Saturday, July 16, 2022



“When Tasia came to Australia in the mid-sixties, it was at the invitation of her newly married sister. The plan was for Tasia to help her sister with her baby that was on the way, settle, and then when the time was right and the village politics negotiated in the appropriate way, to invite a certain gentleman with whom she had an understanding, to join her in Australia and start a new life together.  

That is not what happened, however. Tasia was raped by her brother-in-law. Her sister either knew or suspected but did nothing until such time that it became apparent that Tasia was pregnant. Then, she took Tasia to someone who illegally performed abortions and compelled her to “throw the child” as the Greek expression goes. Once that was done, she kicked her out of the house. Some people said that she ended up in South Melbourne, living alone. Others, less kind, said that they saw her on the street corners of St Kilda. No one really knows. She vanished. What else could she do. That’s what things were like in those days. No one sympathised with her in public. They all said that she must have brought it upon herself, provoked him…. ” 

The elderly lady, a member of my local community who revealed this story to me before her death over a decade ago, signed as she took another sip from her cup of tea. The side wall of her living room was festooned with silver icons that glowed burnished copper through the reflected light of the kandili, the sole source of light in the room. Next to her, a small table was filled with faded photographs of her grandchildren, long grown up.  “There are many other stories like this one. Lodging further down the street from us there was a girl, recently arrived. About a month after her arrival, she began to act strangely, couldn’t keep down her food. She told everyone that she couldn’t get used to the food in Australia but I began to suspect differently. It turns out that she had met a young man on the ship, coming to Australia and had fallen in love with him. He spun the usual tale; he loved her, his intentions were honourable, he was going to marry her as soon as he wrote to his father. All rubbish. When the ship docked at Fremantle, he disembarked and left her with no forwarding address or anything.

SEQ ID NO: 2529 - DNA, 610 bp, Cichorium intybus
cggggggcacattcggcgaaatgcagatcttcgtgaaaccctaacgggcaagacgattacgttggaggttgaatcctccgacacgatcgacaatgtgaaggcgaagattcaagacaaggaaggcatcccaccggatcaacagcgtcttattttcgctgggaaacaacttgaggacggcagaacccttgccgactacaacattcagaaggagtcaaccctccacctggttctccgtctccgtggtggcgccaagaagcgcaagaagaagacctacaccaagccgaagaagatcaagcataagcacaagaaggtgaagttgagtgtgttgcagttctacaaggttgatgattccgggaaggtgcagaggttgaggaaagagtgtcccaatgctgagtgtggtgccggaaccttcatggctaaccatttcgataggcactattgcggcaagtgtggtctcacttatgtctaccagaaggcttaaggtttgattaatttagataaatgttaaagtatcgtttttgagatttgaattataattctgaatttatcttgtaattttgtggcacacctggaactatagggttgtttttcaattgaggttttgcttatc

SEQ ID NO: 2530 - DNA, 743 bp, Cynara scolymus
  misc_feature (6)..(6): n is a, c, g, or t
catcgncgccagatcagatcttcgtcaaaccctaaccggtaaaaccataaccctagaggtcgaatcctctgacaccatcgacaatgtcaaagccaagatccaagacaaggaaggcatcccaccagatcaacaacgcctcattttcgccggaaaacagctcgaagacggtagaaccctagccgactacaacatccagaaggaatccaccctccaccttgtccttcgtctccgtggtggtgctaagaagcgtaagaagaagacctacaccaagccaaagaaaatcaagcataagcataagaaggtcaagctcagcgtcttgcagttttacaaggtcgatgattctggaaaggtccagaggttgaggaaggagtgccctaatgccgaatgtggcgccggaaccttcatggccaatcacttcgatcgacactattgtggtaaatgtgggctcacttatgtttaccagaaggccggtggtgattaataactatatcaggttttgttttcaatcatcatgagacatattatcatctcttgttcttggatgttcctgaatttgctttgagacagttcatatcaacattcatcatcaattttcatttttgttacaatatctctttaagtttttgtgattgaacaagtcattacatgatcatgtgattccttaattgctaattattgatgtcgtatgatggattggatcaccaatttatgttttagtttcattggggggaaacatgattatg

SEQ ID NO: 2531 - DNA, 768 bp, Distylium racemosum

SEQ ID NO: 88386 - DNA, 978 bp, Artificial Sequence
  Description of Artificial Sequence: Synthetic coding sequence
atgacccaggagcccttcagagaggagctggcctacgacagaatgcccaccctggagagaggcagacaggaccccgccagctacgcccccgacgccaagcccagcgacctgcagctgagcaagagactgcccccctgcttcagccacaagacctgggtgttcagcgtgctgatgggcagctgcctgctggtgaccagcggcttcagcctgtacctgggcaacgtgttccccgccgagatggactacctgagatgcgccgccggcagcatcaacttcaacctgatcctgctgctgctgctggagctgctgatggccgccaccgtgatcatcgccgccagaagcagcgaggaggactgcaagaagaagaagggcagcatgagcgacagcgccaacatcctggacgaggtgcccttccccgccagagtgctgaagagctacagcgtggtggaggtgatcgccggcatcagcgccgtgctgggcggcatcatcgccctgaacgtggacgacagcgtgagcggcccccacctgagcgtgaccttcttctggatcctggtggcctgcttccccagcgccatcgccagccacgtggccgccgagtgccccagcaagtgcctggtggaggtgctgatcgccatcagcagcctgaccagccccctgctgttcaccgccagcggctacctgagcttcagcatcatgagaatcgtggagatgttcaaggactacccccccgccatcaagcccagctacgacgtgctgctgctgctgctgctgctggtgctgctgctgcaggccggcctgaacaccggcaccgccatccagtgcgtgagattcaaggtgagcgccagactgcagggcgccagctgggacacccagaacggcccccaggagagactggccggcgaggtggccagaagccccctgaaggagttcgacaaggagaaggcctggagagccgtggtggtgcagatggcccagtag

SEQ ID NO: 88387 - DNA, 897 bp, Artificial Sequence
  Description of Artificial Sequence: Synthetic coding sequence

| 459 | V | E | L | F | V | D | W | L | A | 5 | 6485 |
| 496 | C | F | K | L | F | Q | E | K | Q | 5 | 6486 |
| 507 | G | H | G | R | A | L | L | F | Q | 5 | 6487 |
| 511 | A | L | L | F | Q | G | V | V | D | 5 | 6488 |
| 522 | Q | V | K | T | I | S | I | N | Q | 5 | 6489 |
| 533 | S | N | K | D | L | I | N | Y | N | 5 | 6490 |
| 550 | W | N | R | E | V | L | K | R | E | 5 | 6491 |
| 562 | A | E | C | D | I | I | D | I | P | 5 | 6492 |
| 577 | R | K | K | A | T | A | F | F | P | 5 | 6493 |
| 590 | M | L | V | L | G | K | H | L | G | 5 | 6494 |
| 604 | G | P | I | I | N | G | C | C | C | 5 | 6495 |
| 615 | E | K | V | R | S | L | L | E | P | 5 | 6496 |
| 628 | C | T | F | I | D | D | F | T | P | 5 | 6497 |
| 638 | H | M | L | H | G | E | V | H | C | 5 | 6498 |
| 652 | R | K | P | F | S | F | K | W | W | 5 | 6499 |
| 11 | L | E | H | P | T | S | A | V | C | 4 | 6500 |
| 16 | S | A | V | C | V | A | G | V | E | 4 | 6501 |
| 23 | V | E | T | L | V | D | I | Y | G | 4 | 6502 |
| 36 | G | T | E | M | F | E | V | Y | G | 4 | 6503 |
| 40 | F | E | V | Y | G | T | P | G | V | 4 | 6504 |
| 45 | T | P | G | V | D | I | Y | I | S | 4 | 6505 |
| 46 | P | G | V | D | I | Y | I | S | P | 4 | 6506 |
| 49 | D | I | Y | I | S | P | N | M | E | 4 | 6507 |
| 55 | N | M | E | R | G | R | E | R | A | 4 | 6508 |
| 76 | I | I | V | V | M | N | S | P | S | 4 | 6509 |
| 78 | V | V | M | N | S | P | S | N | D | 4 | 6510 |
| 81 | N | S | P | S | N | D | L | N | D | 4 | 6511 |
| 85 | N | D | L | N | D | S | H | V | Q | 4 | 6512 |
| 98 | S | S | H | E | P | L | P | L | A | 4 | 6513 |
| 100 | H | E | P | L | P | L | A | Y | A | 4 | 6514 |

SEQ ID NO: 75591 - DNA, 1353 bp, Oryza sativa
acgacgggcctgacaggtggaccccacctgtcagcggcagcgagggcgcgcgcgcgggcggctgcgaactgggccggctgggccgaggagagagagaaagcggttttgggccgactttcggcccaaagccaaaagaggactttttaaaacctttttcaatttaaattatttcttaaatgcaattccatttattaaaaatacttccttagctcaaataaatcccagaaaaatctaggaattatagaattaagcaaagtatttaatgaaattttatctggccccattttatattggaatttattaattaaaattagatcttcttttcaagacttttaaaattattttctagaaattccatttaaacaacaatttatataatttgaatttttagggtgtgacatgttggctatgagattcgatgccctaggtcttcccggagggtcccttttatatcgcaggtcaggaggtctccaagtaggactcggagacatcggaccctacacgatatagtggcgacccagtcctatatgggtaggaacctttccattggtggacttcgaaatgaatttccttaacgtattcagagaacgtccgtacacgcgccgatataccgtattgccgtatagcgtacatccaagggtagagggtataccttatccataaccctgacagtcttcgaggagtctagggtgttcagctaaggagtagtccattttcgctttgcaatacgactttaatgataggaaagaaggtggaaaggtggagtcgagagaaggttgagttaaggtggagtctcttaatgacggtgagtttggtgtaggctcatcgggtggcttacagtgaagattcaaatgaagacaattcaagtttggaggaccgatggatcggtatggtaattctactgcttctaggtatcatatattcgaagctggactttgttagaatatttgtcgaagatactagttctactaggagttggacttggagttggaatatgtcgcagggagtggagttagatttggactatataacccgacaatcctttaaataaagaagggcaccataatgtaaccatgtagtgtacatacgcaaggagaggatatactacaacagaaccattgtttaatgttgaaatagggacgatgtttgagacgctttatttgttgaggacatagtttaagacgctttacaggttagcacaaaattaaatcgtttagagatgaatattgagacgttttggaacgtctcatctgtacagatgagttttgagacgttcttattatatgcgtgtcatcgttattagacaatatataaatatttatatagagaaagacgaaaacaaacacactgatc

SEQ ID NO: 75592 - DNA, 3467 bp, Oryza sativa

When her landlady realised that she was pregnant, she evicted her. That is how it was then, you couldn’t be seen to be condoning this type of behaviour and no one really cared about the circumstances. My mother had told me, before I left my home country: “You only have two things: my blessings and your honour.” The sad thing is how she left. The landlady threw her suitcase out onto the street and all the housewives came outside and banged pots and pans and ridiculed her.  Village people were harsh back then, you know. 

Eventually, she was taken in by a Greek couple who agreed that she could rent a room but the wife insisted that she could not have the baby and stay with them. Instead, they arranged for her to have an abortion. After that, they managed to find someone to marry her in Sydney, so she left. Apparently, there were complications with the abortion process and she was unable to have children after that. Her husband left her after five years.” 

The old lady’s large frame was draped in a shawl that in the gloom of her living room, makes her look like a mountain range, immense and imposing and yet soft and pliable. She dipped a teddy bear biscuit into her tea and nibbled at it greedily. “I came here in the fifties. There was no Greek coffee back then, so I got used to drinking tea. Tea with biscuits, preferably Monte Carlos, but I rather like Teddy Bear Biscuits as well. It was Ourania who introduced them to me. She lived a few streets down. I would visit and we would take our tea and Teddy Bear Biscuits together. She was a very good cook, an amazing housewife and very irresponsible. Never kept a proper lookout for her daughter. As the story goes, she got mixed up with some young guy, not a Greek and got into trouble. Some people say he was an Aboriginal but I don’t know. What I do know is that the girl’s father beat her black and blue so that she can reveal who the father was, so he could go and kill him and wash away the shame but she wouldn’t say a word. Anyway, the family couldn’t countenance their daughter bearing a child out of wedlock and they would not let her marry someone who was not Greek because of the shame, so Ourania arranged for the daughter to have an abortion. On the morning that she was supposed to have undergone the procedure, she vanished. They didn’t look for her and no one knew where she went. I saw her, years later, at the Victoria Market. I recognised her instantly and I’m sure she recognised me. She was holding a blonde blue eyed little girl which must have been a grandchild, as this was twenty or so years later. Wherever she is, I hope she is well. Hard times these were.”